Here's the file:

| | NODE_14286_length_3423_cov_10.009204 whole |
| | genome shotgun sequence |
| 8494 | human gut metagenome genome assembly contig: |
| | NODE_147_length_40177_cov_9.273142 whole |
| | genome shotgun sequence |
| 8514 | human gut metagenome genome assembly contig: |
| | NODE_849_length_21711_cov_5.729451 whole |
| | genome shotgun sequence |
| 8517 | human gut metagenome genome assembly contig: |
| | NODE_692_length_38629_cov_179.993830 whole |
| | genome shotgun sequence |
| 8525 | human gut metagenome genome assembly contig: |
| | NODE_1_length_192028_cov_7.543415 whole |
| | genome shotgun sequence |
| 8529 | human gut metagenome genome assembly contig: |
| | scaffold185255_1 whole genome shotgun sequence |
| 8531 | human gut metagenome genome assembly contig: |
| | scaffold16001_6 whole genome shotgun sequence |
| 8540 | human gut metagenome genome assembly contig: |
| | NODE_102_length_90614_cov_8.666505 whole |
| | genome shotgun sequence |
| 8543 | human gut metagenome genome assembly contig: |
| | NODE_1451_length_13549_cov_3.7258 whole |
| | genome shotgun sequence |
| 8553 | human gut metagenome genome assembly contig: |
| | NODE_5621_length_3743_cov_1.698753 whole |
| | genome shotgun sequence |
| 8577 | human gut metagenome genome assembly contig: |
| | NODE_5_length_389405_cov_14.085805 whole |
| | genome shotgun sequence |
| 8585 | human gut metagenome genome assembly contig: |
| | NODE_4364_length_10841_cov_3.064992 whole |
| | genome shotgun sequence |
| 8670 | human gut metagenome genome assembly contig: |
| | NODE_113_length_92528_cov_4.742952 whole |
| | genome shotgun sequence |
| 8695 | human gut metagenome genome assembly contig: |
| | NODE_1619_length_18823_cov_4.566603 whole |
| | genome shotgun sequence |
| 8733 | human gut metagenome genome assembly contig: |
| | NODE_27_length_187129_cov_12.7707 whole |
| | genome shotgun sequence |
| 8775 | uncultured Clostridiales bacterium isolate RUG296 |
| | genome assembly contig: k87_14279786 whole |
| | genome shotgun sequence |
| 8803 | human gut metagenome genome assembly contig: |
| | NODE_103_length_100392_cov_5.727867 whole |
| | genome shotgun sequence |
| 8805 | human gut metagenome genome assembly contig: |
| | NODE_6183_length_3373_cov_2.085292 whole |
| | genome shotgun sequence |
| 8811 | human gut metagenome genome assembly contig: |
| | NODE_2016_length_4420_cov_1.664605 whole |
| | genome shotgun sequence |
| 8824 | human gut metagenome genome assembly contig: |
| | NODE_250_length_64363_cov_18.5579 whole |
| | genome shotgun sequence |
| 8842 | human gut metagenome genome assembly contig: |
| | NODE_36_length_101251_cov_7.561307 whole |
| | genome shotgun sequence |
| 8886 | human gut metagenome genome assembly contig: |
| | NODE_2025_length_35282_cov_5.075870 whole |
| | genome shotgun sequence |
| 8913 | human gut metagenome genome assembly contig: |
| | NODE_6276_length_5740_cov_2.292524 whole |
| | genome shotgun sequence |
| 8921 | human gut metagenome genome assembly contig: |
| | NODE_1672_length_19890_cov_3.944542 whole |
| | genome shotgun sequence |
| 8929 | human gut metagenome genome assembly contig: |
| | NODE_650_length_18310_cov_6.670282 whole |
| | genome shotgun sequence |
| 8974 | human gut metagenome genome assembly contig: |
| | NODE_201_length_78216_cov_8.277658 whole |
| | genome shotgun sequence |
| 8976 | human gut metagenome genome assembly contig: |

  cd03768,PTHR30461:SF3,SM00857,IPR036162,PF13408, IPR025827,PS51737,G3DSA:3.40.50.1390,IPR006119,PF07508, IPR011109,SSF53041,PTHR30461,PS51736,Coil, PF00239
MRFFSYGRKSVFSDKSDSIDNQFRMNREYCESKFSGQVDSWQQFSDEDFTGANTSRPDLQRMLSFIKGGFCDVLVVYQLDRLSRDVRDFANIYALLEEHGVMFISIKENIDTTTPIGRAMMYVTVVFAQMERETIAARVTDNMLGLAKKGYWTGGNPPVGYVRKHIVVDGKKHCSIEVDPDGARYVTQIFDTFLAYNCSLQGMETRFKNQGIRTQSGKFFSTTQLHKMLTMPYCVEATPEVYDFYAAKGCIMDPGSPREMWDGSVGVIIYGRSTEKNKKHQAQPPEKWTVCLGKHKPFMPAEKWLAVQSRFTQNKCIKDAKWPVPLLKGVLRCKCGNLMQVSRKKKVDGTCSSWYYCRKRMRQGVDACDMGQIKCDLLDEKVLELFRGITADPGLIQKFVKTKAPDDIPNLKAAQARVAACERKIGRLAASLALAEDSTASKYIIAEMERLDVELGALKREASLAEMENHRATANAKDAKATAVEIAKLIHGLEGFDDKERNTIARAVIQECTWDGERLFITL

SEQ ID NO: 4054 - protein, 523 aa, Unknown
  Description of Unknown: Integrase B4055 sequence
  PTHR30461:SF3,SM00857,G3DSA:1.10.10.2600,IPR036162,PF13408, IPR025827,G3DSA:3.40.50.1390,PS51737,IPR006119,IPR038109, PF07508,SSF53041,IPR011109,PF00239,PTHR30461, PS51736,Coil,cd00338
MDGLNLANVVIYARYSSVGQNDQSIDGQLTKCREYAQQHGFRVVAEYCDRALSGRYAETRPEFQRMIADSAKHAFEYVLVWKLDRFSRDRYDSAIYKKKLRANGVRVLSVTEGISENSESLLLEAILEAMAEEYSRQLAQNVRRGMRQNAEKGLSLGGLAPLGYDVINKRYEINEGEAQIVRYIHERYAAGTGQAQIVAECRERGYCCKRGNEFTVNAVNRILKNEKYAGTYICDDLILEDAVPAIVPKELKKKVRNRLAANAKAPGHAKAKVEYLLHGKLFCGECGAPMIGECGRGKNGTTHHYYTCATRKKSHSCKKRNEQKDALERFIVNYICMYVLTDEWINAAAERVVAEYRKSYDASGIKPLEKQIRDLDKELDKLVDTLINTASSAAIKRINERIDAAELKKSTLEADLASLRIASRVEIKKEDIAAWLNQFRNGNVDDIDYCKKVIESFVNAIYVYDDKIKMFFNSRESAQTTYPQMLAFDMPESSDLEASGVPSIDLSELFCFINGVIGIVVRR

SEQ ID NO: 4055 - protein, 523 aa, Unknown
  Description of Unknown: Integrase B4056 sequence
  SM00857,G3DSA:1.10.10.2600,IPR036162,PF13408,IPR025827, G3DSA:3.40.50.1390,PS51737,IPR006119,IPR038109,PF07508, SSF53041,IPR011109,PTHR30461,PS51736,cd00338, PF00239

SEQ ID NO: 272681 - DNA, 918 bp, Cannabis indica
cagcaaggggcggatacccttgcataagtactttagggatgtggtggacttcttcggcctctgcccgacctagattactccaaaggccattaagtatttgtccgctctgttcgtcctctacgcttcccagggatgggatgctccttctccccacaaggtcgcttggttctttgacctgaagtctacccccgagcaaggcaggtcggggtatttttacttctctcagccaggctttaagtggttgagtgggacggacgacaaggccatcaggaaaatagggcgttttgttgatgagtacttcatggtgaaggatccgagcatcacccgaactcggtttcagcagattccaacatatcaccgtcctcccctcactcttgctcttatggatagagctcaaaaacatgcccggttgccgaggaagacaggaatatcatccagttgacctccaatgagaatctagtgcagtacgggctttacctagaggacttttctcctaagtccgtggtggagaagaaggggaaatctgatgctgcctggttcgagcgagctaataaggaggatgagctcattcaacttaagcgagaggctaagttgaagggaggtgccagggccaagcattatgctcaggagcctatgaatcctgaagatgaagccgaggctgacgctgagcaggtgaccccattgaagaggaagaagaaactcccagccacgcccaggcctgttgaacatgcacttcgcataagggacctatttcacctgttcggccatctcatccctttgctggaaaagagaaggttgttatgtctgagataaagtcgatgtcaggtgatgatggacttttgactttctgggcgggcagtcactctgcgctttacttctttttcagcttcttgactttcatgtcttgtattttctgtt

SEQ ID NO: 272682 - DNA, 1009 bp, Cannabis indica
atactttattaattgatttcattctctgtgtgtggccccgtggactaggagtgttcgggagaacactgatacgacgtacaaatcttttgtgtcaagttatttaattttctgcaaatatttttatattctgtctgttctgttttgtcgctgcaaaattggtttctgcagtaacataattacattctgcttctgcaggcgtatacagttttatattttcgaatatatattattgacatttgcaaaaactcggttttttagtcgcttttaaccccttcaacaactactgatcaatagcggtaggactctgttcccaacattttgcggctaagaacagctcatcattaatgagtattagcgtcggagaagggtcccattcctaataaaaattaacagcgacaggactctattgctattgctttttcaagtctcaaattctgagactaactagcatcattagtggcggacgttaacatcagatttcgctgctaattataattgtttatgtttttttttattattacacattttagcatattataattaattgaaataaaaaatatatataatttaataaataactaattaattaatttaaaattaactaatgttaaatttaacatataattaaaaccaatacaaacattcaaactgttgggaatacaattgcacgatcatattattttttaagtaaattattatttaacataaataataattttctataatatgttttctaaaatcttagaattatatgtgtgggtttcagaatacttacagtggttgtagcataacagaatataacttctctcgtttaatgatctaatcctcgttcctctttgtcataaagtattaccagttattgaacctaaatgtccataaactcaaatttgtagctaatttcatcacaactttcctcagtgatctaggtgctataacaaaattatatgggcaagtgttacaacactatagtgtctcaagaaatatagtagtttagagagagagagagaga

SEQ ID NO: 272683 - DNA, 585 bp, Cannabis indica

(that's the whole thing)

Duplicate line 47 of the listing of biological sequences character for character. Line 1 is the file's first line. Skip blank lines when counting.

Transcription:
| | NODE_103_length_100392_cov_5.727867 whole |